The trace bus 103 is generally a write-only-type OCP interface that is positioned between the STM 102 and the arbiter 106. The trace bus 103 generally uses the MReqInfo extension in addition to the MByteEn extension to write trace data to the STM 102. Generally, a TraceMReqInfo signal is used to distinguish the different OCP bus masters from one another. The trace bus 103 will generally be either 32 or 64 bits wide, depending on the ASIC architecture, and the trace bus 103 will generally support 8-, 16-, 32-, and 64-bit accesses. The trace bus 103 address is generally 12 bits wide for 64-bit systems, or 11 bits for 32-bit systems. The STM 102 will generally discard sub-word addressing, i.e., the 3 least significant bits in the address for 64-bit systems, or the 2 least significant bits for 32-bit systems, and will only use TraceMByteEn for partial word accesses. When a 64-bit STM 102 is used, 16 and 32-bit accesses will generally be aligned to the proper word boundaries. Similarly, when a 32-bit STM 102 is used, a 16-bit access will generally be aligned to 16-bit word boundaries.
To protect against trace data loss, the STM 102 is generally configured and controlled to halt the trace bus 103, i.e., it will not accept further transfers on the trace bus 103, if the FIFO buffer 207 is full. Additional wait states may also be generated when STM 102 is queuing MASTER, OVRF, or A8 messages. The STM 102 will only store one message in the FIFO in one clock cycle, and therefore, the masters to which STM 102 is connected will generally either be able to handle relatively long waits while STM 102 is freeing up space in the FIFO, or be able to drop unnecessary data before writing it to the STM 102. Outside of these special circumstances, the STM 102 is generally configured to accept one access per clock cycle and not cause extra wait states to the masters.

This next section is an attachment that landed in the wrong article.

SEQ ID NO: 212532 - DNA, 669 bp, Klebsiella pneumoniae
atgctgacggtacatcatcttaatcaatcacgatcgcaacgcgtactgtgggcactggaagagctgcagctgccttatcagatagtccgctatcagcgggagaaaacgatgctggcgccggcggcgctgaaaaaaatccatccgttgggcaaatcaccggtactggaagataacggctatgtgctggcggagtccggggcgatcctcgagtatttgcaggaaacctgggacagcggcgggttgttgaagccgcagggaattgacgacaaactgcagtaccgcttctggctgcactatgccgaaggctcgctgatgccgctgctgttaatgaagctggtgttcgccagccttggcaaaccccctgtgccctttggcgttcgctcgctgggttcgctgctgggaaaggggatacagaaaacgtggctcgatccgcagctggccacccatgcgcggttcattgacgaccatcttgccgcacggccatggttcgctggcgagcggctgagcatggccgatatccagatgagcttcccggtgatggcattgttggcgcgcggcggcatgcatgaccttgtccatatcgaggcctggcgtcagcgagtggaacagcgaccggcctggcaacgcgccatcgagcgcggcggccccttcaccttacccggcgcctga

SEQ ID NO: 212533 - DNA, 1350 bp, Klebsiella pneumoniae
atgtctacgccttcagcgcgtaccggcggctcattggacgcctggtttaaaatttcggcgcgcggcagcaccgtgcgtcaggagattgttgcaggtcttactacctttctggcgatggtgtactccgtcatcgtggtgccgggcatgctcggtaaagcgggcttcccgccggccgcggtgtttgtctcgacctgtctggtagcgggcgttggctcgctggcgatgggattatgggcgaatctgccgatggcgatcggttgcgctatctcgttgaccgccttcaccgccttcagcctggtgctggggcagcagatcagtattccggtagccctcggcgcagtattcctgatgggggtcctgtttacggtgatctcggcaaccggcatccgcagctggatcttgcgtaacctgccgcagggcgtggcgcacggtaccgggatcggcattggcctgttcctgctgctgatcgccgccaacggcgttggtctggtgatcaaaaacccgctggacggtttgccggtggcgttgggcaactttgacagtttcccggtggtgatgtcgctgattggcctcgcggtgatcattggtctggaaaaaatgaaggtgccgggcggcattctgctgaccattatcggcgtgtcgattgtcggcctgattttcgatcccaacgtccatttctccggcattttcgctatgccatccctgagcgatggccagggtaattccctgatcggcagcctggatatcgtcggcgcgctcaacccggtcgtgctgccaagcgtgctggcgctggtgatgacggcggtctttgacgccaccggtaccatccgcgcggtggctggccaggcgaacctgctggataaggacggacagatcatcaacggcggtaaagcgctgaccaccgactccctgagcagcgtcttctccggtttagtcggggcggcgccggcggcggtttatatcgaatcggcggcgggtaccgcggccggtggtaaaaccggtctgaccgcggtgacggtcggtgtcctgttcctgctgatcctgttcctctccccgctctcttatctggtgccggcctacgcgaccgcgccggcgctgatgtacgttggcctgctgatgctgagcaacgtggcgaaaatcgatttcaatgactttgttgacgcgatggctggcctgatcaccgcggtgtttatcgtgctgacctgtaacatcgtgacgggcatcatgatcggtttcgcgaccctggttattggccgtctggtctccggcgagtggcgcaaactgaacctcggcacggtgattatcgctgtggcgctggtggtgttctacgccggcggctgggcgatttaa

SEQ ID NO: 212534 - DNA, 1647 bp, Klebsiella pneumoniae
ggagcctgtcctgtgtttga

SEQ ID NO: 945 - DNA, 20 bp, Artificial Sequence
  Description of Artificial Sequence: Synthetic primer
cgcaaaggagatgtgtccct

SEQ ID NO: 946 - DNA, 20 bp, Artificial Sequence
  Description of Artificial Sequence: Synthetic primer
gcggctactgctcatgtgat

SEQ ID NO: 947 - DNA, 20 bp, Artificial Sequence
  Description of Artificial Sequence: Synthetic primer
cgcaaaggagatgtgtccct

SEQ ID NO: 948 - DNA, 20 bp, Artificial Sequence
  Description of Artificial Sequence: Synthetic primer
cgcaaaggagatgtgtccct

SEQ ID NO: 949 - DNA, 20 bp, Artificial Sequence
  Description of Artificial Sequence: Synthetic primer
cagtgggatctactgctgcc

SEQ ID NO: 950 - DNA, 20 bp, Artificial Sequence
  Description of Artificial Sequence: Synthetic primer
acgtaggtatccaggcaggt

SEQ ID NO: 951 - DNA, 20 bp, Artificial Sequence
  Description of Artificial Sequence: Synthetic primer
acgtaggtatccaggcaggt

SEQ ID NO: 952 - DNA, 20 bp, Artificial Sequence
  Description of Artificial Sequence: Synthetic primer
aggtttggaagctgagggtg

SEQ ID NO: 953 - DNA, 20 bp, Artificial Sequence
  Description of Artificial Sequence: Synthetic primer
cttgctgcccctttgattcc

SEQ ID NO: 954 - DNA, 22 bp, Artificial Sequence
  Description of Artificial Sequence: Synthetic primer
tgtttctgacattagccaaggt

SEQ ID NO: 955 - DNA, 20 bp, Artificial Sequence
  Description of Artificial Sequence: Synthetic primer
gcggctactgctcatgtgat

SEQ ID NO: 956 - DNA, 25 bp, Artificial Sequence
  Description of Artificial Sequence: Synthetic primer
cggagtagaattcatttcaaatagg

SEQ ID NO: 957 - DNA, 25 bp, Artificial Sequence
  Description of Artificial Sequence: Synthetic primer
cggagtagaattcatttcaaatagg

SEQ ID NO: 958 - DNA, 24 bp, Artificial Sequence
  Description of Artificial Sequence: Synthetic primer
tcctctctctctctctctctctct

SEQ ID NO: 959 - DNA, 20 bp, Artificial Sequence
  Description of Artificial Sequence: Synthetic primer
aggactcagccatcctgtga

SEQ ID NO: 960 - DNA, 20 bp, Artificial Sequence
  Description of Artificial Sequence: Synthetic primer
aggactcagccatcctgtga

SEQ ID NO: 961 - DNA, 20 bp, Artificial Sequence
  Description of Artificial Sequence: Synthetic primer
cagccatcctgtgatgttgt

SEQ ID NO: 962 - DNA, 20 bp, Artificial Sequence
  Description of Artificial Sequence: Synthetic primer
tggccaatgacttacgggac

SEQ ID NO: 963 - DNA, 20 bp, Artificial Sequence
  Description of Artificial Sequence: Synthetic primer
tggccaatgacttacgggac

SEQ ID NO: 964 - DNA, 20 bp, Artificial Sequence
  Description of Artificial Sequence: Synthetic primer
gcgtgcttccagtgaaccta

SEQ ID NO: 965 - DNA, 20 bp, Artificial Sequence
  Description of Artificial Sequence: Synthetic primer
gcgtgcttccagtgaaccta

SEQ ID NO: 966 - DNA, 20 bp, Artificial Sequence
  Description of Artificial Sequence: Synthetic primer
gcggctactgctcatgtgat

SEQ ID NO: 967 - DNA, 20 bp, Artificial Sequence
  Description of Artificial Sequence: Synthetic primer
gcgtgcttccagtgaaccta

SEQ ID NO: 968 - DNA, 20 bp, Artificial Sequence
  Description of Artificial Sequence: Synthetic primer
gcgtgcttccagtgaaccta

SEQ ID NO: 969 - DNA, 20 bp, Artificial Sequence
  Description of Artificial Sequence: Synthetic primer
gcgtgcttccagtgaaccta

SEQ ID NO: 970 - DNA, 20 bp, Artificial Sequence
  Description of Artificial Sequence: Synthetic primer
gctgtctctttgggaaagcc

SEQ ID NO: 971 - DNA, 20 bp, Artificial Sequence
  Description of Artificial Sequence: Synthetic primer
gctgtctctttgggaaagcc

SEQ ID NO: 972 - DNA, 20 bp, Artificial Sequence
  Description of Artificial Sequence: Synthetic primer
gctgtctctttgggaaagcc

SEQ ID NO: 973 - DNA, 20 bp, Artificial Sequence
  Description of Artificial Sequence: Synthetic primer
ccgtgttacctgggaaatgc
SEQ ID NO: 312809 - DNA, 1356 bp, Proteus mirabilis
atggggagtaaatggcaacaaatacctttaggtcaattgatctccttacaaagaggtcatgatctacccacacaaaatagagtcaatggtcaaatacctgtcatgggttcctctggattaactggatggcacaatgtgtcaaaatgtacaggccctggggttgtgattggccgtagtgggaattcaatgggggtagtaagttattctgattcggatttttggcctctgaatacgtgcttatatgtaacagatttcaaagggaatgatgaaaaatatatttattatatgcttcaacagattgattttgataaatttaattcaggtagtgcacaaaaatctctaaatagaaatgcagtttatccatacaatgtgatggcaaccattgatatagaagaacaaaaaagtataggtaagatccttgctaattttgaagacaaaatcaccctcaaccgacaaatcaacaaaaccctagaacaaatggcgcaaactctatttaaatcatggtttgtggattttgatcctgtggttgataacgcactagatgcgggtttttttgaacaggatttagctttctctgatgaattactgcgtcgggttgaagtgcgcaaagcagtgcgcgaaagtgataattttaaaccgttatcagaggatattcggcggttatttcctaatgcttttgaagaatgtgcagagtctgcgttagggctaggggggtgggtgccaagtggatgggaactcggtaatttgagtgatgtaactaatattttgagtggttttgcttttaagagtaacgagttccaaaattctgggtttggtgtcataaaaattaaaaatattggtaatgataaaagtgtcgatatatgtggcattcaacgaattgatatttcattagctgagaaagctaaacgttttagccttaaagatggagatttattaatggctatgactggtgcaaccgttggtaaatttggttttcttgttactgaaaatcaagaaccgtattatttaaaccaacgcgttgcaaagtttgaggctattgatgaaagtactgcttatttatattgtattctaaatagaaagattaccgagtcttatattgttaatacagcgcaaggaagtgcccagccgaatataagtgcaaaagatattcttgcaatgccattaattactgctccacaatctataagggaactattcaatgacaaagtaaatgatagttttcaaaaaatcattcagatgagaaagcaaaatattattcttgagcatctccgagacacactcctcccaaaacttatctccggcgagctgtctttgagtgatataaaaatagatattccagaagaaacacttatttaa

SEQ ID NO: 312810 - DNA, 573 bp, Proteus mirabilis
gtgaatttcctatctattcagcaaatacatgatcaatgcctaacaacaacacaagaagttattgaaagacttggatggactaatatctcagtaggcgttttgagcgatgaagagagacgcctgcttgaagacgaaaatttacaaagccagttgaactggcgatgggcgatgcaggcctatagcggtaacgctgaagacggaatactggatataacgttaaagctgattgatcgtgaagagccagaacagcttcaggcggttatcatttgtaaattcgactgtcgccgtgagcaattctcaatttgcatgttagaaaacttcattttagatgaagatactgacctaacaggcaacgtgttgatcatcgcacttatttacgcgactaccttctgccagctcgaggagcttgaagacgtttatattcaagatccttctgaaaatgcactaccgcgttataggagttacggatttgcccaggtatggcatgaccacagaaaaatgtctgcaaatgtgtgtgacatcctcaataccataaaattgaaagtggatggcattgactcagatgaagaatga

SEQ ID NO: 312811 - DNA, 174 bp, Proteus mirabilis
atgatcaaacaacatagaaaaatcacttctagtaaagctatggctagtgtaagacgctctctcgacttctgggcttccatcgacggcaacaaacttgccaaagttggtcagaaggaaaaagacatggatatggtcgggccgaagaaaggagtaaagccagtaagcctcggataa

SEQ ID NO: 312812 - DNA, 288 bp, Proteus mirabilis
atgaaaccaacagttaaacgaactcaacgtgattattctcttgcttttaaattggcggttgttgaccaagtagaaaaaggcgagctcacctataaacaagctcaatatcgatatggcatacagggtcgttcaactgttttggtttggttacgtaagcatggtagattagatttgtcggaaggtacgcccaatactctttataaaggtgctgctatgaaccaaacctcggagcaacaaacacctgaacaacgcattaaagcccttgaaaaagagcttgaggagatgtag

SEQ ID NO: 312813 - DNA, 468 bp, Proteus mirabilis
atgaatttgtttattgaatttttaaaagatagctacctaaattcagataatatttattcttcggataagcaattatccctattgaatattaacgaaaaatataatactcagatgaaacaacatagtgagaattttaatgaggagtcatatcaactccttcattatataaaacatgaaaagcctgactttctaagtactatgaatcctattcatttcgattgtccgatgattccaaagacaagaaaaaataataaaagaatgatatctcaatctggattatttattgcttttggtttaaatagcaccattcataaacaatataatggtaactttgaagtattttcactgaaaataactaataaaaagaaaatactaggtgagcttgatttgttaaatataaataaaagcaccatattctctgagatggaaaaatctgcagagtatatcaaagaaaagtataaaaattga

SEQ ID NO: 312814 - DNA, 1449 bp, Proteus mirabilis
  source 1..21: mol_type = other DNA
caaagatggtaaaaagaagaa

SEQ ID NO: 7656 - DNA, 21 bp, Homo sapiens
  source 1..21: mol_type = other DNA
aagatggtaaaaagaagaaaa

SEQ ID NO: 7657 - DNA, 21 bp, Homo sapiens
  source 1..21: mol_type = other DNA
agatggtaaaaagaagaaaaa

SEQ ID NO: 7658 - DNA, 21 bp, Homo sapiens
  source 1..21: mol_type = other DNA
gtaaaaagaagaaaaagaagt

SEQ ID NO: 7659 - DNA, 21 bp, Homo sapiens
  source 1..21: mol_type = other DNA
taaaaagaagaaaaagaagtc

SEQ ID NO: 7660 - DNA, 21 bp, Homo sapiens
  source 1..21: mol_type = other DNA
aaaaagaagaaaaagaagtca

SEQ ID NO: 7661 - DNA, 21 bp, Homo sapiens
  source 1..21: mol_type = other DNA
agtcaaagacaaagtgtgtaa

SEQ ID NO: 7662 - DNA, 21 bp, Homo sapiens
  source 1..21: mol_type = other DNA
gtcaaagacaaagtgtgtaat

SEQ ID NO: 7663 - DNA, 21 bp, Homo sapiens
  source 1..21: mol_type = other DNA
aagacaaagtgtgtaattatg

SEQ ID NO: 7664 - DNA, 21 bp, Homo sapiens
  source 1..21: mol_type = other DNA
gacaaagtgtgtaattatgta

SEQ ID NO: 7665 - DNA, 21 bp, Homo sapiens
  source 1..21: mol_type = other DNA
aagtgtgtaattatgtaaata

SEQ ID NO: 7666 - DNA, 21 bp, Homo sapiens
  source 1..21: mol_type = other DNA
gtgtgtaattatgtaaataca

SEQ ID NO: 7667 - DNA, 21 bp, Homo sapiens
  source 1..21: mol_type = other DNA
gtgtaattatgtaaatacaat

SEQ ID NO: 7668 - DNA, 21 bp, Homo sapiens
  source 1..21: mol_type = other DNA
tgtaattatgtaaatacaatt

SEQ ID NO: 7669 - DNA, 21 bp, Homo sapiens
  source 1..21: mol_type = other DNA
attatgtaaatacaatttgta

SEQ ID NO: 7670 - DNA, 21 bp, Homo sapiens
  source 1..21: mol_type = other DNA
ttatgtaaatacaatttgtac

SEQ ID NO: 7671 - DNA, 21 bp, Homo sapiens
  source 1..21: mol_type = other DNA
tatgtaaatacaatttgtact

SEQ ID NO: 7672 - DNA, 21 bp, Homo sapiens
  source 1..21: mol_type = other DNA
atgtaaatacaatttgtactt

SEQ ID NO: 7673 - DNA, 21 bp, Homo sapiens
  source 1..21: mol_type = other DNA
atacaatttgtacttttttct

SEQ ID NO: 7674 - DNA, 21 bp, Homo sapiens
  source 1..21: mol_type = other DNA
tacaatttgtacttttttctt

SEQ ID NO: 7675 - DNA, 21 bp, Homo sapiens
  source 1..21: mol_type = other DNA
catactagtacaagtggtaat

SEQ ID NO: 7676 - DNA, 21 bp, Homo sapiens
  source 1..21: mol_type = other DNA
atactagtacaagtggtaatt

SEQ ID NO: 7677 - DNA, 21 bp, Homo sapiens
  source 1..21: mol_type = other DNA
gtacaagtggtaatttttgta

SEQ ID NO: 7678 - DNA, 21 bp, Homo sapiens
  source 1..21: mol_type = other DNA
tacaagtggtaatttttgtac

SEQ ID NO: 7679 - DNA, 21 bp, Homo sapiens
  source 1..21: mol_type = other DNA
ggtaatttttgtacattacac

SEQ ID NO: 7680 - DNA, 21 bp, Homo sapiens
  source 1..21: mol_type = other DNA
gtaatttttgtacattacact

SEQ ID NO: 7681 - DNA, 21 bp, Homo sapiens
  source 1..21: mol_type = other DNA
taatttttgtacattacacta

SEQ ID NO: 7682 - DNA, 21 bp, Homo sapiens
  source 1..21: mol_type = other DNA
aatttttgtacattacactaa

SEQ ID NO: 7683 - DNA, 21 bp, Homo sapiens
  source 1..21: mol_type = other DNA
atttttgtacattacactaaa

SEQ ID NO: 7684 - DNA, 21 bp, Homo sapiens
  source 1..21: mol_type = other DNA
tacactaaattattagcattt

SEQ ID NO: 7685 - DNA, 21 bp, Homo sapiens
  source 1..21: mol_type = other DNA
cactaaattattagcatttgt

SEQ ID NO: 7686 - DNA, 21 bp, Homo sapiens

The accesses captured by the trace bus interface are encapsulated in a message generation sub-block to create data messages to the trace device. The XTI system recognizes two distinct modes of tracing. Each master can be configured for either SW or HW mode, which use slightly different message combinations to output different types of data. Both SW and HW messages use the same basic low-level message types, although not all message types are used by both modes. Message generation is performed by a finite state machine (FSM) (not shown). The FSM generally starts the STM 102 in an IDLE state, and will return to the state when the FIFO buffer is empty and there are no messages to process. During IDLE state, STM 102 may transmit IDLE messages, and the STM 102 can also stop the clock output when it is idle.
The STM 102 will generally transition to an SW state if it receives an access from an SW master, and it isn't already in the SW data state for the same master. In the SW state, the STM 102 will queue a MASTER message to inform the trace device which master the next messages will come from. The STM 102 will also automatically transition to a SW address state from the SW state. In the SW address state, STM 102 will queue an A8 message to signal the channel number for the subsequent data message(s). The STM 102 will automatically transition to the SW data state from the SW address state.